In the wake of the Feb. 14 shooting at Marjory Stoneman Douglas High School that claimed the lives of 17 people, Miami Heat guard Dwyane Wade recently paid a visit to the school. "I'm inspired by all of you," Wade told the students.
Wade has been outspoken on social issues for years, but after the Parkland shooting—which took place about a 50-minute drive from Miami—the NBA veteran has taken on a more heightened activist role. In a new interview, Wade shined a light on the motivation behind his contributions.
"How can we move on—as adults, as parents—when we know our kids are not safe at school?" Wade said in an interview with Dave Briggs that aired on CNN's New Day on Monday. "I can't imagine what these families are dealing with, are going through. But what I try to do is I try to put myself in that situation and the heartache and the hurt, just even trying to imagine it, is too much to bear."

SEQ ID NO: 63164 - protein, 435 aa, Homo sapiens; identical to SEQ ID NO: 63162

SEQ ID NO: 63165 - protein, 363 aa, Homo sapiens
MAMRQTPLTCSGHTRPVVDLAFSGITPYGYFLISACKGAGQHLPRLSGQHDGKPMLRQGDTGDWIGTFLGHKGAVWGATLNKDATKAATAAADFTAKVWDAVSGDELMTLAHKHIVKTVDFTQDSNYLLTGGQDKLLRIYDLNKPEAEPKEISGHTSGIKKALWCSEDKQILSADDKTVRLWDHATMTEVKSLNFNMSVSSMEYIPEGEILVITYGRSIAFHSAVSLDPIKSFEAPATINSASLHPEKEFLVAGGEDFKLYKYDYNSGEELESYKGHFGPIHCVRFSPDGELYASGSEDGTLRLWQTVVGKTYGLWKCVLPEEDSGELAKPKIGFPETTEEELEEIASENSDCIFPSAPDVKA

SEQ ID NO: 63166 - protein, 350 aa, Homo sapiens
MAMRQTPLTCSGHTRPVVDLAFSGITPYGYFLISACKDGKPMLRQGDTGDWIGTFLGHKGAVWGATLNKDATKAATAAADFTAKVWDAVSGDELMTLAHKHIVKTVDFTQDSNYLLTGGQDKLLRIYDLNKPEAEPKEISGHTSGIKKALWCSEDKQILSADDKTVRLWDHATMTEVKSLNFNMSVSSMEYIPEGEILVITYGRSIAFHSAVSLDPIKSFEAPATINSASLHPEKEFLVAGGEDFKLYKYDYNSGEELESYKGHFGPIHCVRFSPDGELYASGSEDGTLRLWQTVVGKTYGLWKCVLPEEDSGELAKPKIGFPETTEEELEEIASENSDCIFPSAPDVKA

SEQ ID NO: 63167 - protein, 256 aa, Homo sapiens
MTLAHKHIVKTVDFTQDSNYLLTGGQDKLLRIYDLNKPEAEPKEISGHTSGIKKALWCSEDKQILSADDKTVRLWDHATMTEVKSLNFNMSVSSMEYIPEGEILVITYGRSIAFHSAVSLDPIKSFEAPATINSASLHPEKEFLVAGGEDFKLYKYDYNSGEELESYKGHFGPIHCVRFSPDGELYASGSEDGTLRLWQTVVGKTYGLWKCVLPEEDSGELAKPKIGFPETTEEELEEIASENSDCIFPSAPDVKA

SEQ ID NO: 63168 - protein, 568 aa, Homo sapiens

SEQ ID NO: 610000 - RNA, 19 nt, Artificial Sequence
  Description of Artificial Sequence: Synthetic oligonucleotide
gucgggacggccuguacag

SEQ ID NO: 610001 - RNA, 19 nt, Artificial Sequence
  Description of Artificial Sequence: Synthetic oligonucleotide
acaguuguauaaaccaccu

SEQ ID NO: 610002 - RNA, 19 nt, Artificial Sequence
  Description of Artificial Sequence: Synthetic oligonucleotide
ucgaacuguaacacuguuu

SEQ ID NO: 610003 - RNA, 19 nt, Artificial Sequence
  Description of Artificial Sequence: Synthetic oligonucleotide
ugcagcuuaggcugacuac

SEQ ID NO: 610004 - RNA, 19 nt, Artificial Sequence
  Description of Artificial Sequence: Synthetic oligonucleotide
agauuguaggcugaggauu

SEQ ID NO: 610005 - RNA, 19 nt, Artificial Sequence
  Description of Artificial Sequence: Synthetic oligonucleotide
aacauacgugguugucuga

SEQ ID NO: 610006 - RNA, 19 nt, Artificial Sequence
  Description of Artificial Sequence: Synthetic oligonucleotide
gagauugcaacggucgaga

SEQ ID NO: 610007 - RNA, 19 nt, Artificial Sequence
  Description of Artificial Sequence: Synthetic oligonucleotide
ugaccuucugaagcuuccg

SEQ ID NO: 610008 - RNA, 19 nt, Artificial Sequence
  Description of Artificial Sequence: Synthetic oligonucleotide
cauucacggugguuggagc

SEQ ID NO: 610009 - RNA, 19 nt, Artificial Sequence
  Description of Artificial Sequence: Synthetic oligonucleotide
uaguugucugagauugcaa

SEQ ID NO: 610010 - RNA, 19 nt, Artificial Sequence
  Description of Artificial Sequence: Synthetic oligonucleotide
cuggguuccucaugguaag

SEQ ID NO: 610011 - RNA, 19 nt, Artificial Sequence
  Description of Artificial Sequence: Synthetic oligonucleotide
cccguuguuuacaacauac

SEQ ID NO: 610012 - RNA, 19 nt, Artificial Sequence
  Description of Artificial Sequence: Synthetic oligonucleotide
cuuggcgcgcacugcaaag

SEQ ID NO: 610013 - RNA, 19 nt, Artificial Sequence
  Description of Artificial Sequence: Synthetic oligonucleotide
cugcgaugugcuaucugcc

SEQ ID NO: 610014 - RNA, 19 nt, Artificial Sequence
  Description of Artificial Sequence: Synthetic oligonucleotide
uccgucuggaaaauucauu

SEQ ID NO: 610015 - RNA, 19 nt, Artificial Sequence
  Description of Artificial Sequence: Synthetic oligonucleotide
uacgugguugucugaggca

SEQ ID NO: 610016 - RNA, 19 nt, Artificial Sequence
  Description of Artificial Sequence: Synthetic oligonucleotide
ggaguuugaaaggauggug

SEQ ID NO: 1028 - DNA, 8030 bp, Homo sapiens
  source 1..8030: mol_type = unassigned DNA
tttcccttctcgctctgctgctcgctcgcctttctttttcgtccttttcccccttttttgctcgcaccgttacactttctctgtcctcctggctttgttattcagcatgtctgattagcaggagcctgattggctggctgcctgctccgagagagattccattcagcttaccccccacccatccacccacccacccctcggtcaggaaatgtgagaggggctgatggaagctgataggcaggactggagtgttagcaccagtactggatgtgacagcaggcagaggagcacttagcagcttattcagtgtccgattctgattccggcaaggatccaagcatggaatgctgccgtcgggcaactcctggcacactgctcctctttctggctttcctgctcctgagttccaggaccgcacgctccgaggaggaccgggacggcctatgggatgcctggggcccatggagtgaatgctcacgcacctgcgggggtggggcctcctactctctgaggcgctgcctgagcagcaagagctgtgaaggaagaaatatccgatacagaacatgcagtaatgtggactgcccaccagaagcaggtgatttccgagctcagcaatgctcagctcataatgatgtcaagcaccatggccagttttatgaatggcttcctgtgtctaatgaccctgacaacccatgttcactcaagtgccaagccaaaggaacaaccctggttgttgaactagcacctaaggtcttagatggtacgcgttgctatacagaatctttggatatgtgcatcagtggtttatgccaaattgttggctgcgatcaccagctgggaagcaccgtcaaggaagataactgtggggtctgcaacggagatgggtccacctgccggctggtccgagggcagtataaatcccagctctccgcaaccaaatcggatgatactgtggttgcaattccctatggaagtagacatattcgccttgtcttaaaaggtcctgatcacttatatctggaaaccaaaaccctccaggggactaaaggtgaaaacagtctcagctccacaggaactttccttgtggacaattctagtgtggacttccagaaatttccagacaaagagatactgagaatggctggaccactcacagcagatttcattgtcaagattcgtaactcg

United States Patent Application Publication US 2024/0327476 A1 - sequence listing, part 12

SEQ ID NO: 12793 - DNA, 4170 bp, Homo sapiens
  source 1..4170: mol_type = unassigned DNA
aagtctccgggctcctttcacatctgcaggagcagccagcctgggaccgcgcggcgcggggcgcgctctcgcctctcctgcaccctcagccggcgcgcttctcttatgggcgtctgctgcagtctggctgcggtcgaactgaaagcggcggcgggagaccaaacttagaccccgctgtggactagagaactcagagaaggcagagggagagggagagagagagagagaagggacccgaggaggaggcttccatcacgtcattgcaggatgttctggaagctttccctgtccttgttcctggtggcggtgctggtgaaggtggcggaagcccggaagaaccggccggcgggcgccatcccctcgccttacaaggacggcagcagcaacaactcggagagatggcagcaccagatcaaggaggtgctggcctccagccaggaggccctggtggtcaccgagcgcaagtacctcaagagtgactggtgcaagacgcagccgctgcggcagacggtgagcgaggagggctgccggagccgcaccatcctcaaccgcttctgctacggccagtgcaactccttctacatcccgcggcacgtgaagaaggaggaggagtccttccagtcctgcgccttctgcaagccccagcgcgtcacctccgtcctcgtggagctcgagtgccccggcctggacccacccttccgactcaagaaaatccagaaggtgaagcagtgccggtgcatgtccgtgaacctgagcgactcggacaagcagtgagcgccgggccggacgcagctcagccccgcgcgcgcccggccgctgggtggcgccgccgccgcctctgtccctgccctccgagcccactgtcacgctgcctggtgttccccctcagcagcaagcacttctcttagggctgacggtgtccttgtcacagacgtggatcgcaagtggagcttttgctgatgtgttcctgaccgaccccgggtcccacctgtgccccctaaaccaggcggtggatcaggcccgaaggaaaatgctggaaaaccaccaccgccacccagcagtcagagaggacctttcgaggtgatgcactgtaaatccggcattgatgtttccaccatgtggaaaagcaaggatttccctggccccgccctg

The student-led March for Our Lives, a call for action on gun violence, will take place in Washington on Saturday. Wade donated $200,000 to the cause.
In his CNN interview, Wade said he opposes the idea of equipping teachers with guns. He also addressed Fox News host Laura Ingraham's now-infamous quip that pro athletes should "shut up and dribble."
"I do more than dribble," the three-time champion said. "It's just not who I am. It's never been who I am. For me, it's bigger than basketball. It's bigger than dribbling, and I've been given an opportunity to use my voice."
Wade is very familiar with the impact of gun violence. His cousin was fatally shot and killed in Chicago in Aug. 2016.